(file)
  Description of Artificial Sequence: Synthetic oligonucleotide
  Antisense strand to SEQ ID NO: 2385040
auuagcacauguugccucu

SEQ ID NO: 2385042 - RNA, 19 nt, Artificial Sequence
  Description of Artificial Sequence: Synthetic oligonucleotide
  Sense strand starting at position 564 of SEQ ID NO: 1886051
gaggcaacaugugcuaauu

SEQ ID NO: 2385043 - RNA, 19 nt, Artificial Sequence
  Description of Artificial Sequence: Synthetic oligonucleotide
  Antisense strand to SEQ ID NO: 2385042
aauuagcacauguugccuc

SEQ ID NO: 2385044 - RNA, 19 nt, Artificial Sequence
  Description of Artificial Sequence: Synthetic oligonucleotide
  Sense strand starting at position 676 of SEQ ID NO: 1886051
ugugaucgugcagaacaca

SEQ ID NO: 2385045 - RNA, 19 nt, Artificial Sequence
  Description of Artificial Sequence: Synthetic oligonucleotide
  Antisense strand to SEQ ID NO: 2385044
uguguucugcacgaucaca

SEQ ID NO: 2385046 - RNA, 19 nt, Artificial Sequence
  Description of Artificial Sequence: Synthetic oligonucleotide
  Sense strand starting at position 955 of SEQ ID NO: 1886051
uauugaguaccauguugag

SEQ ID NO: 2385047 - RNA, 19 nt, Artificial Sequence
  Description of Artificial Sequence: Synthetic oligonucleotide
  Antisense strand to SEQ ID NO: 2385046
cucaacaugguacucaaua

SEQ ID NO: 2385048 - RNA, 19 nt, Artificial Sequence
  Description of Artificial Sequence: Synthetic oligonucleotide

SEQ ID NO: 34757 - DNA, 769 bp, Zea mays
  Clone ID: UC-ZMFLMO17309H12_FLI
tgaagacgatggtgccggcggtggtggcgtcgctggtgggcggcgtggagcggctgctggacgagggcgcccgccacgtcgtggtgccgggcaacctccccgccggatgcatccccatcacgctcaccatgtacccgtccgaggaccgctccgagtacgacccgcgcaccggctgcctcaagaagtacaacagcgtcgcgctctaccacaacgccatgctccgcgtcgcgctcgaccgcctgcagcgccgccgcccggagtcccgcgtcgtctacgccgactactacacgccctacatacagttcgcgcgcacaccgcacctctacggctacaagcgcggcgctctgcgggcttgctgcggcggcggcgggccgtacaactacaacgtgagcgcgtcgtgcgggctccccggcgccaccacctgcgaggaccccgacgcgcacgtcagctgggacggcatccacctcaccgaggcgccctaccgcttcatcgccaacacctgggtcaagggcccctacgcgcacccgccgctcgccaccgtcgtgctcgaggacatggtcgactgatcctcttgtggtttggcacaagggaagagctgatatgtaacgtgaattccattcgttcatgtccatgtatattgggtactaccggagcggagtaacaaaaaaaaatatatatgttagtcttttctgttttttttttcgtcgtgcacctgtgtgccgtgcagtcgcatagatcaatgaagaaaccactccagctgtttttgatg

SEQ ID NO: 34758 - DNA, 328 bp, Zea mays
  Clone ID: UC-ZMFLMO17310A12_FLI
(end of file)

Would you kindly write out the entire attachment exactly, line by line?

  Description of Artificial Sequence: Synthetic oligonucleotide
  Antisense strand to SEQ ID NO: 2385040
auuagcacauguugccucu

SEQ ID NO: 2385042 - RNA, 19 nt, Artificial Sequence
  Description of Artificial Sequence: Synthetic oligonucleotide
  Sense strand starting at position 564 of SEQ ID NO: 1886051
gaggcaacaugugcuaauu

SEQ ID NO: 2385043 - RNA, 19 nt, Artificial Sequence
  Description of Artificial Sequence: Synthetic oligonucleotide
  Antisense strand to SEQ ID NO: 2385042
aauuagcacauguugccuc

SEQ ID NO: 2385044 - RNA, 19 nt, Artificial Sequence
  Description of Artificial Sequence: Synthetic oligonucleotide
  Sense strand starting at position 676 of SEQ ID NO: 1886051
ugugaucgugcagaacaca

SEQ ID NO: 2385045 - RNA, 19 nt, Artificial Sequence
  Description of Artificial Sequence: Synthetic oligonucleotide
  Antisense strand to SEQ ID NO: 2385044
uguguucugcacgaucaca

SEQ ID NO: 2385046 - RNA, 19 nt, Artificial Sequence
  Description of Artificial Sequence: Synthetic oligonucleotide
  Sense strand starting at position 955 of SEQ ID NO: 1886051
uauugaguaccauguugag

SEQ ID NO: 2385047 - RNA, 19 nt, Artificial Sequence
  Description of Artificial Sequence: Synthetic oligonucleotide
  Antisense strand to SEQ ID NO: 2385046
cucaacaugguacucaaua

SEQ ID NO: 2385048 - RNA, 19 nt, Artificial Sequence
  Description of Artificial Sequence: Synthetic oligonucleotide

SEQ ID NO: 34757 - DNA, 769 bp, Zea mays
  Clone ID: UC-ZMFLMO17309H12_FLI
tgaagacgatggtgccggcggtggtggcgtcgctggtgggcggcgtggagcggctgctggacgagggcgcccgccacgtcgtggtgccgggcaacctccccgccggatgcatccccatcacgctcaccatgtacccgtccgaggaccgctccgagtacgacccgcgcaccggctgcctcaagaagtacaacagcgtcgcgctctaccacaacgccatgctccgcgtcgcgctcgaccgcctgcagcgccgccgcccggagtcccgcgtcgtctacgccgactactacacgccctacatacagttcgcgcgcacaccgcacctctacggctacaagcgcggcgctctgcgggcttgctgcggcggcggcgggccgtacaactacaacgtgagcgcgtcgtgcgggctccccggcgccaccacctgcgaggaccccgacgcgcacgtcagctgggacggcatccacctcaccgaggcgccctaccgcttcatcgccaacacctgggtcaagggcccctacgcgcacccgccgctcgccaccgtcgtgctcgaggacatggtcgactgatcctcttgtggtttggcacaagggaagagctgatatgtaacgtgaattccattcgttcatgtccatgtatattgggtactaccggagcggagtaacaaaaaaaaatatatatgttagtcttttctgttttttttttcgtcgtgcacctgtgtgccgtgcagtcgcatagatcaatgaagaaaccactccagctgtttttgatg

SEQ ID NO: 34758 - DNA, 328 bp, Zea mays
  Clone ID: UC-ZMFLMO17310A12_FLI